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Laker Film Room: Why Kyle Kuzma is struggling from 3-point range

The Lakers need Kyle Kuzma to get back to shooting the way he did during his rookie season.

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NBA: Chicago Bulls at Los Angeles Lakers Kelvin Kuo-USA TODAY Sports

There have only been three players in NBA history who have shot six or more threes per game while shooting under 30 percent.

Jason “White Chocolate” Williams did it twice in the early-2000’s. Michael Adams did it for an awful Denver Nuggets team in the early 90’s that played even faster than the fastest-paced teams of today. And Kobe Bryant did it during his farewell tour when the Lakers were actively tanking as he was determined to empty the chamber of every last shot attempt that his right arm possessed.

Even after a week that saw him set a new career-high of seven made threes against the Oklahoma City Thunder before lighting up the Houston Rockets for four triples, Kyle Kuzma is still flirting with becoming the fourth, shooting just 30.2 percent on 6.2 threes per game.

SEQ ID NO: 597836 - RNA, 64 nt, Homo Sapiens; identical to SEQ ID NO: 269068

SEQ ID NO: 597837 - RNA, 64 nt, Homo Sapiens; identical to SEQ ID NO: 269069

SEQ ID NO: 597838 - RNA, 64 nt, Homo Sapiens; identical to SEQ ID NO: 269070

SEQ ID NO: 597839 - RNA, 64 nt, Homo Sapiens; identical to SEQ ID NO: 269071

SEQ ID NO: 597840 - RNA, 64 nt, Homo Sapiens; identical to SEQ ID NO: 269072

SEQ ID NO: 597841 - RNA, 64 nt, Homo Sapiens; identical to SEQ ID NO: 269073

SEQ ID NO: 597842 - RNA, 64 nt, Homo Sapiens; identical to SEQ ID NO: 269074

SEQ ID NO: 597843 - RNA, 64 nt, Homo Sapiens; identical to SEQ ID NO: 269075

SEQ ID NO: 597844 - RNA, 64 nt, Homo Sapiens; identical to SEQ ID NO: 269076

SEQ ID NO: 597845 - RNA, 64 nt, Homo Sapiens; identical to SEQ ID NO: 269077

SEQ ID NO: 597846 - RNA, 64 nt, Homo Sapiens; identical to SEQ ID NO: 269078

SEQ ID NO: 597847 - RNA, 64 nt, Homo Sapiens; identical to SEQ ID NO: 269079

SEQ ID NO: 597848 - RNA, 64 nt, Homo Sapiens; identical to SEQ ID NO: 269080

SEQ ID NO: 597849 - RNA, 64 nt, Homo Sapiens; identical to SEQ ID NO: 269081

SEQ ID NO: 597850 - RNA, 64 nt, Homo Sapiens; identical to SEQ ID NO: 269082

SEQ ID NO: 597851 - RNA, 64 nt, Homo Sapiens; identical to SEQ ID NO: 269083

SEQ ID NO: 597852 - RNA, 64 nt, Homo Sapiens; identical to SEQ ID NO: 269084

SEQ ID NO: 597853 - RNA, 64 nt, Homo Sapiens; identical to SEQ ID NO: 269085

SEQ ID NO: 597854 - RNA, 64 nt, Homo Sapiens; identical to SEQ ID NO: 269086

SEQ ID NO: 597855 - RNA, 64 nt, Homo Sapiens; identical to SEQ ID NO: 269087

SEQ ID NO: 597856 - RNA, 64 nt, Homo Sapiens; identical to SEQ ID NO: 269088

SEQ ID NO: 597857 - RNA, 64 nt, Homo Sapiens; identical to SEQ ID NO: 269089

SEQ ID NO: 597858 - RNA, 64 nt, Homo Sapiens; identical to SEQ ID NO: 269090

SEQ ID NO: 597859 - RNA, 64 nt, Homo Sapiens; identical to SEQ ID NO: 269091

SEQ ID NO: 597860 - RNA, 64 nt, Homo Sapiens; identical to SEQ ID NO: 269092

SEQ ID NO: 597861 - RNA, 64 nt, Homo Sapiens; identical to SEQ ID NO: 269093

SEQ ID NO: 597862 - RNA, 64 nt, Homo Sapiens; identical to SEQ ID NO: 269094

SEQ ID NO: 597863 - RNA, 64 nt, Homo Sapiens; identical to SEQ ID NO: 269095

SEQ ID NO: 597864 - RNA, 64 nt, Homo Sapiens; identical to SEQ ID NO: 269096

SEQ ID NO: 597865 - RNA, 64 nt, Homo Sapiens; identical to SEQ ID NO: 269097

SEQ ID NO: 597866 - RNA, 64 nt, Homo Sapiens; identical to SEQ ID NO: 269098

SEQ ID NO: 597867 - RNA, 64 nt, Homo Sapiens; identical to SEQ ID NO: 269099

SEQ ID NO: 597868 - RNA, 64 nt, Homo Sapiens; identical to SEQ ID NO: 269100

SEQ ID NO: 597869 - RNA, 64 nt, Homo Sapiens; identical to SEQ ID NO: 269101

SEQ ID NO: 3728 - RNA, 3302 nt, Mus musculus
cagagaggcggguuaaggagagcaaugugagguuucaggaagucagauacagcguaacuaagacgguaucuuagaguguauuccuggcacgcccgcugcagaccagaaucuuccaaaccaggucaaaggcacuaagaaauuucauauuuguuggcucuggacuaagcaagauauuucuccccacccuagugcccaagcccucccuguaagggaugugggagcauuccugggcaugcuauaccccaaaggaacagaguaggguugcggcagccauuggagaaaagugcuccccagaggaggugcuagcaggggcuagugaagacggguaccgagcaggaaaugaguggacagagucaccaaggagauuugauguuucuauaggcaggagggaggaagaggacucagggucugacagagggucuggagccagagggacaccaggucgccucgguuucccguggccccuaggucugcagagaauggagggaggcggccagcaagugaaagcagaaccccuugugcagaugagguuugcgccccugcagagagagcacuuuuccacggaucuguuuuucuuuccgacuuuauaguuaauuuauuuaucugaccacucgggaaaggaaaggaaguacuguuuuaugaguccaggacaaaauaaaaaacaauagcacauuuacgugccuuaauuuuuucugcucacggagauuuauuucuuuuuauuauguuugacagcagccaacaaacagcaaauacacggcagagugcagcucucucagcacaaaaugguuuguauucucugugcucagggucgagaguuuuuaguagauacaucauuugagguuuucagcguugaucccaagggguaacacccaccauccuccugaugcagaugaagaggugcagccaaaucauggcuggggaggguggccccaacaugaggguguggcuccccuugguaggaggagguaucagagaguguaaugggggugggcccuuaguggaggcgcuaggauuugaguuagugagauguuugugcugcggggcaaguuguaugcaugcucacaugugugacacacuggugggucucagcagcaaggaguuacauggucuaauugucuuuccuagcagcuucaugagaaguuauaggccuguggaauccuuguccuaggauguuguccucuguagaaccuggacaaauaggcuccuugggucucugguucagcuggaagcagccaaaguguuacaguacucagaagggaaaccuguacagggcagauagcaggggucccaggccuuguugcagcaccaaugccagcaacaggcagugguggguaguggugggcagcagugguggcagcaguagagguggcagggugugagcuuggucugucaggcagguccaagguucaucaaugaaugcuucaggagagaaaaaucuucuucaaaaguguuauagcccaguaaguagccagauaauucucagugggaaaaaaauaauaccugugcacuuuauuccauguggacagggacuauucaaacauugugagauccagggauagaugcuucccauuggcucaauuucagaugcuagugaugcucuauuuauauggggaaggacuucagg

The common thread amongst each player was an irrational confidence in themselves as shooters that did not match their current abilities. Supreme confidence in himself has gotten Kuzma this far — as it did for Kobe before him — but his high-volume struggles from behind the arc have hamstrung an offense that’s really needed him to shoot as well as he did during his rookie season.

There’s an argument to be made that Kuzma’s rookie season was the fluke, and this year is more aligned with who he is as a shooter. He shot 30.2 percent during his college career, only to surprise everyone with a 36.6 percent mark last year on 6.5 attempts. Does someone get hot for an entire season? Especially their rookie season?

The Lakers need the answer to that question to be a resounding “no.” Lonzo Ball and Brandon Ingram are questionable 3-point shooters at best, so if their three most important players after LeBron James can’t convert off of James’ creation, it’s difficult to envision all of them in forum blue and gold long-term.

Kuzma has the most potential from deep — as displayed his night against the Thunder, which was spurred by, you guessed it, watching his rookie season highlights — but has a good deal of work to do to get back to being the consistent shooter he was last season.

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